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Toshiba BG4 M.2 NVMe SSD Review: One Tiny, But Speedy SSD

Conclusion

Toshiba Memory’s BG4 has a lot of market potential. While this super small NVMe SSD lacks a DRAM cache, it's nimble and power efficient. It brings NVMe goodness to smaller smalls and offers flexibility to OEMs on form factor choice with M.2 and BGA options as well as SED options for added security. 

We didn’t have a BG3 to compare, but Toshiba claims a 20% improvement in power efficiency, which mostly stems from the company’s newest 96L BiCS4 TLC and the improved performance stats. During our testing, it hit its rated performance stats and it has enough grunt to handle most consumer workloads while trading blows with SSDs that offer twice the bandwidth, even the bigger, and badder XG6. And, it absolutely leaves SATA in the dust. What’s not to like?

Putting aside the fact that we won’t be able to purchase it off the shelves, Toshiba Memory’s BG4 is a solid little SSD. Being so small and compact, yet so large in capacity, it is the perfect choice for almost any device that needs storage. And, without the inclusion of DRAM, the company should be able to leverage in some very tempting deals for customers.  We look forward to seeing what devices are to come with this little guy in the future.

Photo Credits: Tom's Hardware

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  • cryoburner
    With performance that is 6 times that of any SATA SSD...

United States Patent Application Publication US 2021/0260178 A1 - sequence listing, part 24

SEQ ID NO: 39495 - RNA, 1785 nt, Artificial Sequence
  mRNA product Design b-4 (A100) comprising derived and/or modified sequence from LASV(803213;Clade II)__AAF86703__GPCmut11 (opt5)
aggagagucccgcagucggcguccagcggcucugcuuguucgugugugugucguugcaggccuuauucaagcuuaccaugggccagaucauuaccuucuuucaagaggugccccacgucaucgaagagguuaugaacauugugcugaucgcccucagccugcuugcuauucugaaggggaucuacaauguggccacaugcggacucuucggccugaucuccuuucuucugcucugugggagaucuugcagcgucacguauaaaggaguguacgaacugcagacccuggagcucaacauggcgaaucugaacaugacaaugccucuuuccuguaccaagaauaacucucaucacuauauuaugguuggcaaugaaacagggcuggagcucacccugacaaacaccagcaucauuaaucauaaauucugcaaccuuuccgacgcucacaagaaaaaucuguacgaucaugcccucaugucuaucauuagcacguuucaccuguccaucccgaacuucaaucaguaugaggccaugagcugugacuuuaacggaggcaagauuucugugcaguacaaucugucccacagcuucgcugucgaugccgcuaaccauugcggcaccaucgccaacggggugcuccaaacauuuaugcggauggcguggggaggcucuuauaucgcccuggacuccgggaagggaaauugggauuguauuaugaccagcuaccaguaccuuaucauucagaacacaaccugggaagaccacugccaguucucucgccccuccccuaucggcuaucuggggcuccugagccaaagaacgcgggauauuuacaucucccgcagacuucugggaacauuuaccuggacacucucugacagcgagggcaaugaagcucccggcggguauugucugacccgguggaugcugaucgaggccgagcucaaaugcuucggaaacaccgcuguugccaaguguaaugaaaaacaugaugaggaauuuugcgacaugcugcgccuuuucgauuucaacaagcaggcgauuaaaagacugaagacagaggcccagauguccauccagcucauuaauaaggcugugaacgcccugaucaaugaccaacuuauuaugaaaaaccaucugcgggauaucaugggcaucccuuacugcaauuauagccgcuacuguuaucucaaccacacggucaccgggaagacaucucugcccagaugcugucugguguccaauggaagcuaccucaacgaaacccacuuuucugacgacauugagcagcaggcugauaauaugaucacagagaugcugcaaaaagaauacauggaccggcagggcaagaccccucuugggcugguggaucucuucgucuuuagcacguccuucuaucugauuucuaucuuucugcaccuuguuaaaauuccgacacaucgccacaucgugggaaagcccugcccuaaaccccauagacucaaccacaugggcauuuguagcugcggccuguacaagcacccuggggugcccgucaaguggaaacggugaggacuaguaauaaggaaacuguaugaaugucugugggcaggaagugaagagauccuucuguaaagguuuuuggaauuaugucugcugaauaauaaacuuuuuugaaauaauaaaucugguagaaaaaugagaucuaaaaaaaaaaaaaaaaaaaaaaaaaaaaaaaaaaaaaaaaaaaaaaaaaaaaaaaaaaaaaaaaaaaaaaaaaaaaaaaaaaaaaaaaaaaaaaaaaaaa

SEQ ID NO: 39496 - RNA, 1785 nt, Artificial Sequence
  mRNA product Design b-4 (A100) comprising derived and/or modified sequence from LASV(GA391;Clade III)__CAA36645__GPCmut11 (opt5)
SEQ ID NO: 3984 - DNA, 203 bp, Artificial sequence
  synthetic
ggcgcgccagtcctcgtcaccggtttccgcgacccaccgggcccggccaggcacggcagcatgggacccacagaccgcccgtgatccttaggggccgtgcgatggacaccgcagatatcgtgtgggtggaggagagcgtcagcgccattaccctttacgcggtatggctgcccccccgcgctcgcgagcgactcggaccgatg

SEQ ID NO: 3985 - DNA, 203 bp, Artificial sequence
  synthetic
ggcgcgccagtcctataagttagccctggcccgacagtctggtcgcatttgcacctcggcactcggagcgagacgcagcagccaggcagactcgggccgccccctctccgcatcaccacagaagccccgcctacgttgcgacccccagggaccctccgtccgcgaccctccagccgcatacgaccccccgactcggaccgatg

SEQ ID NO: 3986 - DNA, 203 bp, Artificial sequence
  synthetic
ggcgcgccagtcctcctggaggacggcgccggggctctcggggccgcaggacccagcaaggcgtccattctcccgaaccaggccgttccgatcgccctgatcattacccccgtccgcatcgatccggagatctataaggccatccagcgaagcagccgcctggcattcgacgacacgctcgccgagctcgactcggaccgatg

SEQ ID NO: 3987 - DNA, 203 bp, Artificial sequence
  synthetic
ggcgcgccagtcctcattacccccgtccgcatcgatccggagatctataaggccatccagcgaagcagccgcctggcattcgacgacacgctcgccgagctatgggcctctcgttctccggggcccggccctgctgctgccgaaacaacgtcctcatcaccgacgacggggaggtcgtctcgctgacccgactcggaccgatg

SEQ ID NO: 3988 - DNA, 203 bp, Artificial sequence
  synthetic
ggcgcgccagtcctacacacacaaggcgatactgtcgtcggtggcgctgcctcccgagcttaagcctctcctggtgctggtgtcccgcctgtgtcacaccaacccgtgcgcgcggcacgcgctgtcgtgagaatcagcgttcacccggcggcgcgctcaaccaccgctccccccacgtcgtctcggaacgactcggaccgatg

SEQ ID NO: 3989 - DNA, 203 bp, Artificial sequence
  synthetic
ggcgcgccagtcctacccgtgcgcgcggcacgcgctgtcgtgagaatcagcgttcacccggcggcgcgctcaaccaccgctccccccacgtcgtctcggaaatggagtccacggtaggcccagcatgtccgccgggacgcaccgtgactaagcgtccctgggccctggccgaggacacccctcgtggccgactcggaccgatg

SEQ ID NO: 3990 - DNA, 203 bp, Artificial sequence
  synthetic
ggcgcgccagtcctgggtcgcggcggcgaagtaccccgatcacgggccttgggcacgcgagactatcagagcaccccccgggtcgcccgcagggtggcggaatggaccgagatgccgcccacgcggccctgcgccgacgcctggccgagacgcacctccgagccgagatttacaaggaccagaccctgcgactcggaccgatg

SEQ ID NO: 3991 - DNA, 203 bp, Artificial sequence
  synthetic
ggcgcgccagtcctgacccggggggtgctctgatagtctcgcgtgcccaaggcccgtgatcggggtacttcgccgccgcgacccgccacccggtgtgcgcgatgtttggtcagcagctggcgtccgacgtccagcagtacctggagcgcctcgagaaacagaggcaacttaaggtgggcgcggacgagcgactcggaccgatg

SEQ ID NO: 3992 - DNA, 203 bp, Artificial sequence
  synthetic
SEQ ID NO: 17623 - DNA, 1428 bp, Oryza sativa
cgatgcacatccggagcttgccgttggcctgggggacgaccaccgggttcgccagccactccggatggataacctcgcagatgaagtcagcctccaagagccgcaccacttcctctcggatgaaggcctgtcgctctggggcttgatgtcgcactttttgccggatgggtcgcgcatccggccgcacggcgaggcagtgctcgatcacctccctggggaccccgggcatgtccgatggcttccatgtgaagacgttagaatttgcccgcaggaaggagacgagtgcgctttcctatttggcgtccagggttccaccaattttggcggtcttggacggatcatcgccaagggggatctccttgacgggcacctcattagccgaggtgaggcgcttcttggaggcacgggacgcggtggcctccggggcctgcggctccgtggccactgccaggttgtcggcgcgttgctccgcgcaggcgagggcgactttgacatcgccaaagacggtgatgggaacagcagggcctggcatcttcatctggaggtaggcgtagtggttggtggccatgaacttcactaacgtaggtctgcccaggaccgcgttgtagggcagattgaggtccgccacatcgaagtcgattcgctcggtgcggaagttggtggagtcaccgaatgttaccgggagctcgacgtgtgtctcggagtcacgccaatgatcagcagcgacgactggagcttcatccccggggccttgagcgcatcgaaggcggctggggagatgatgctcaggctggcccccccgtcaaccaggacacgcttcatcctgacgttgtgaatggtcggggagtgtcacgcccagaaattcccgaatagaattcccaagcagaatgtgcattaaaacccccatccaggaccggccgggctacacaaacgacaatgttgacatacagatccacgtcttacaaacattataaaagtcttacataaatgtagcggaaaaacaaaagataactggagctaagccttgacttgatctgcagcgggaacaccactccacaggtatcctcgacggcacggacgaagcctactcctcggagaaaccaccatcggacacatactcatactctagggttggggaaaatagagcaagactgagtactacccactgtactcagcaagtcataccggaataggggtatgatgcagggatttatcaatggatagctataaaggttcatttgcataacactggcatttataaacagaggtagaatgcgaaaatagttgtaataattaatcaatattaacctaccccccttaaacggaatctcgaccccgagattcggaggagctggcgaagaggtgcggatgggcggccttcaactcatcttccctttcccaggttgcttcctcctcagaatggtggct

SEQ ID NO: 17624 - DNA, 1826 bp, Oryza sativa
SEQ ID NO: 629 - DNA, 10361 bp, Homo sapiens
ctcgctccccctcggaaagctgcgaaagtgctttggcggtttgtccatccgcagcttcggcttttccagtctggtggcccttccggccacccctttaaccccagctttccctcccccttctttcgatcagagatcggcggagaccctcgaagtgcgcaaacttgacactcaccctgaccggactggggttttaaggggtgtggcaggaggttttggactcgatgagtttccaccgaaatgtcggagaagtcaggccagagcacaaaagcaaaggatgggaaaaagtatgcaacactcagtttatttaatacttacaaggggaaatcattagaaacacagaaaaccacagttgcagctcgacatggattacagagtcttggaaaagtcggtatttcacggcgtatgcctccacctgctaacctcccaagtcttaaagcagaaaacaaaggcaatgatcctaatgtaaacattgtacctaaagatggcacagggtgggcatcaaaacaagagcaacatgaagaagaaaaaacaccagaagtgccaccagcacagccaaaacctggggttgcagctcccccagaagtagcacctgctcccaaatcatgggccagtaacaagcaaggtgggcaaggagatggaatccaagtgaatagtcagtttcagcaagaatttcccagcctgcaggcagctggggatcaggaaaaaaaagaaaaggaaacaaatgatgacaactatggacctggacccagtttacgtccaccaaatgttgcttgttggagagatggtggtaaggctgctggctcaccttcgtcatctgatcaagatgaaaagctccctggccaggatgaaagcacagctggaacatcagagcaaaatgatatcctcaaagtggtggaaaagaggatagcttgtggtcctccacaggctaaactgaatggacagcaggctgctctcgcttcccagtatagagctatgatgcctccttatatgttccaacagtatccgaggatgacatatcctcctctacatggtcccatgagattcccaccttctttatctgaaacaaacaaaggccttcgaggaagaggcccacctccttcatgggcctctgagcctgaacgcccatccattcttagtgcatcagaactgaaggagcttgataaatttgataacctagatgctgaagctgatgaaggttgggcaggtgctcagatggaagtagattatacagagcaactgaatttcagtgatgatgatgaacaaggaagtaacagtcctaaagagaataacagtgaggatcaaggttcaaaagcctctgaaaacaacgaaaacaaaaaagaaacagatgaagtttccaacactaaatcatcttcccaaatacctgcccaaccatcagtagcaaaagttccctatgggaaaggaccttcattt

Perhaps "up to six times" would be a slightly more accurate way to word that? In most real-world tasks, you are not going to see that kind of performance difference. In the game load test, it was just 8% faster than an MX500, which would be more or less unnoticeable. It fares better in some other tests, particularly synthetics, but I'm struggling to find charts showing it performing 6 times as well, and it actually performs worse in a few due to the increased latency from lacking an onboard DRAM cache. Even the sequential read and write numbers are only around 4 times those of a good SATA SSD, so I'm not sure where that number came from.

    Also, while the power consumption appears good in the file copy tests, the idle efficiency is a bit below average. And being DRAM-less, that also leaves me wondering whether there might be increased power draw on other parts of the system, like the system RAM or CPU, if those are getting utilized more, though that would probably be difficult to accurately test.
    Reply
  • seanwebster
    cryoburner said:
    Perhaps "up to six times" would be a slightly more accurate way to word that? In most real-world tasks, you are not going to see that kind of performance difference. In the game load test, it was just 8% faster than an MX500, which would be more or less unnoticeable. It fares better in some other tests, particularly synthetics, but I'm struggling to find charts showing it performing 6 times as well, and it actually performs worse in a few due to the increased latency from lacking an onboard DRAM cache. Even the sequential read and write numbers are only around 4 times those of a good SATA SSD, so I'm not sure where that number came from.

    Also, while the power consumption appears good in the file copy tests, the idle efficiency is a bit below average. And being DRAM-less, that also leaves me wondering whether there might be increased power draw on other parts of the system, like the system RAM or CPU, if those are getting utilized more, though that would probably be difficult to accurately test.
    The 6 was a mistype, meant 4 as you stated. I'll get that fixed.
    Reply
  • urbanman2004
    Unfortunate that something like this won't come to retail
    Reply